An attorney for a teen charged with murder told a Richland County jury Tuesday morning that investigators had bungled the case against his client and had no clear evidence proving he shot Zaire Franklin to death in a Columbia area apartment complex last August.
“No fingerprints! No DNA! Nothing that tied Jermaine Davis to any murder!” said attorney Dick Harpootlian, ticking off evidence police usually have in murder cases – but not in this one.
“They are asking you to jump to conclusions!” Harpootlian said in opening remarks to the four-man, eight-women jury Tuesday at Richland County Courthouse.
The case is unusual for several reasons: Harpootlian, a well-known defense attorney, usually only takes murder cases for six-figure fees. Here, he is representing for a nominal fee an indigent youth who has been in and out of S.C. Department of Social Services foster homes for nine years and who was a runaway at the time of the shooting. Prosecutors also allege the killing happened because of an argument over a paltry amount of money – 17 cents.
Davis, now 17 but who was 16 on Aug. 5 of last year when Franklin was shot to death, faces up to life in prison if the jury convicts him of murder. Prosecutors allege Davis was angry about a dispute the two had several days earlier at a St. Andrews-area convenience store.
Harpootlian told the jury that yes, Davis and Frankin quarreled days earlier but it defies belief to think Davis killed Franklin because of it.
In any event, Harpootlain said, the list of evidence the prosecution lacks includes no confession, no eyewitnesses, no shell casings, no credible motive and no surveillance video showing the killing.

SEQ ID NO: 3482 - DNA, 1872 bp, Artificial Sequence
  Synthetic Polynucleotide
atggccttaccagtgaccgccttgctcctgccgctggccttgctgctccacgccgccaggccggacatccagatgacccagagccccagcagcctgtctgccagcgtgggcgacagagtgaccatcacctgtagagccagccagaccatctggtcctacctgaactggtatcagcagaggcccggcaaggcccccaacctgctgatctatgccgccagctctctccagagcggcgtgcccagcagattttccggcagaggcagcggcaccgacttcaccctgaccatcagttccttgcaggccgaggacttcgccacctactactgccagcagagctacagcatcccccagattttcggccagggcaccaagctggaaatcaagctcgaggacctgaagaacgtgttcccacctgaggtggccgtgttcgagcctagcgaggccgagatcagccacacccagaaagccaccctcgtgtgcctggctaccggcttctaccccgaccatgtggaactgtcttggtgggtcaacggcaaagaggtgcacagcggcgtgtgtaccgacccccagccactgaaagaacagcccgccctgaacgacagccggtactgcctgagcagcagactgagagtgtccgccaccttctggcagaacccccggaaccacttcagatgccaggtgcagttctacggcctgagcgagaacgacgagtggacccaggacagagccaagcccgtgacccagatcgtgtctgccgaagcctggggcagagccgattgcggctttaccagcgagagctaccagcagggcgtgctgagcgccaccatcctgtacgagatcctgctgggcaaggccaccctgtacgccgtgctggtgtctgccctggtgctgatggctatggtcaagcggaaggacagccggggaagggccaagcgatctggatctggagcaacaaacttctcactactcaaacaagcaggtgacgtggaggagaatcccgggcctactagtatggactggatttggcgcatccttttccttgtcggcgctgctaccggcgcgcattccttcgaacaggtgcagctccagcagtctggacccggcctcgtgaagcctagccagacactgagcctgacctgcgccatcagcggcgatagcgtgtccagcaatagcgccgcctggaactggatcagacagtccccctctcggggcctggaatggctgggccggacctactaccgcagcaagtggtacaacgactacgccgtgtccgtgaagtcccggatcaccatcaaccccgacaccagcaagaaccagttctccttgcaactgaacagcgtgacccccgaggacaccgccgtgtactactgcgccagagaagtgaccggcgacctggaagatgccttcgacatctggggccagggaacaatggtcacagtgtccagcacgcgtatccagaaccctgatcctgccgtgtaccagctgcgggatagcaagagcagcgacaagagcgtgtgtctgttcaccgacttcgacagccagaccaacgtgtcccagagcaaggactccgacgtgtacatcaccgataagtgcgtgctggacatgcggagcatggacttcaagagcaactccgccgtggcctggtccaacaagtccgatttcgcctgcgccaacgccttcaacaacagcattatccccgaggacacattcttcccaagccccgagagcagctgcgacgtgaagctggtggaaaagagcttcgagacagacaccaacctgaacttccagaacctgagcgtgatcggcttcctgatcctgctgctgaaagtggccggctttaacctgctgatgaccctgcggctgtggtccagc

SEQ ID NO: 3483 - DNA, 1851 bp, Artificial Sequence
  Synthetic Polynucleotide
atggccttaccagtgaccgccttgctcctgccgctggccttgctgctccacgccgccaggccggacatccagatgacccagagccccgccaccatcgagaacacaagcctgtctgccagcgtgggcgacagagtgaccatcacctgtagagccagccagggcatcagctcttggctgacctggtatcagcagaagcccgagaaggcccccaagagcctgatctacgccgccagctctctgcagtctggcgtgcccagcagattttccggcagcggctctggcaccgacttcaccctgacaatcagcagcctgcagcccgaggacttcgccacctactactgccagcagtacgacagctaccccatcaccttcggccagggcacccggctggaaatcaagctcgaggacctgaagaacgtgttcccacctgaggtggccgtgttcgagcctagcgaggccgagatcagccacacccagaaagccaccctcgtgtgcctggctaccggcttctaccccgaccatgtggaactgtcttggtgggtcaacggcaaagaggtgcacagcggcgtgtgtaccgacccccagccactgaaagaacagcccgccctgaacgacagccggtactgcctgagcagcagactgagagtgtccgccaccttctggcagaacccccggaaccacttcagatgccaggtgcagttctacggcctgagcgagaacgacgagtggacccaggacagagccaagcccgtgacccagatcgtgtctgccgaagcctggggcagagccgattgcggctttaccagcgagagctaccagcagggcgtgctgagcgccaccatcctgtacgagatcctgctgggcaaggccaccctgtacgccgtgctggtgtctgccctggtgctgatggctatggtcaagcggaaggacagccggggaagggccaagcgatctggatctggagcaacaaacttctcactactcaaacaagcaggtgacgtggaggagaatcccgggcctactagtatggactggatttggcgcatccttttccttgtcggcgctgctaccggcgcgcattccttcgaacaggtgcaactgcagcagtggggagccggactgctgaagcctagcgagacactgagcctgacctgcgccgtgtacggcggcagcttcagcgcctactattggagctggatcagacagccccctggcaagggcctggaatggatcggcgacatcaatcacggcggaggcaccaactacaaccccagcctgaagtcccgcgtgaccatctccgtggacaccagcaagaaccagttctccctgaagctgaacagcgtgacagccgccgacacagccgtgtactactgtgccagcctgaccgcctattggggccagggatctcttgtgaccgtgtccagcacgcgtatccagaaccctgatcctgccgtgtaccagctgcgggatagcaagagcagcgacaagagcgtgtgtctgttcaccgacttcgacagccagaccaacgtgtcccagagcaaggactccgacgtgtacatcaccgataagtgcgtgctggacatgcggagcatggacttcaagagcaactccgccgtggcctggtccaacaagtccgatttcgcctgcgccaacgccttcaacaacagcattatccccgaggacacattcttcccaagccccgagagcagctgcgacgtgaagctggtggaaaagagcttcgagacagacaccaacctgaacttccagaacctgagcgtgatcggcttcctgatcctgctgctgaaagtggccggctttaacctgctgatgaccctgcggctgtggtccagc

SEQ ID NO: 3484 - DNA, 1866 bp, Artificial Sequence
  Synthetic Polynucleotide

“They were looking for an easy way to clear it, and they got a kid who had argued with him four days earlier,” Harpootlian said.
But prosecutor Jessica Godwin told the jury that much evidence exists that ties Davis to the crime.
It all started several days before the Aug. 5 killing when Davis, not old enough to buy tobacco, asked Franklin to buy him a cigar at the Stop & Go on Kay Street and handed him a dollar. When Franklin came out, he gave Davis the cigar but forgot to give him the 17 cents change, Godwin said.
Davis “became visibly angry, saying, ‘Where’s my change, I want my change,’” said Godwin, one of three prosecutors working the case.
Other evidence implicating Davis includes video showing Davis following Franklin just before the shooting and an admission that Davis made to a friend that he had killed Franklin in an apartment complex near the Stop & Go, Godwin told the jury.
“Davis wanted revenge,” Godwin said. “We ask you to give him something different – justice.”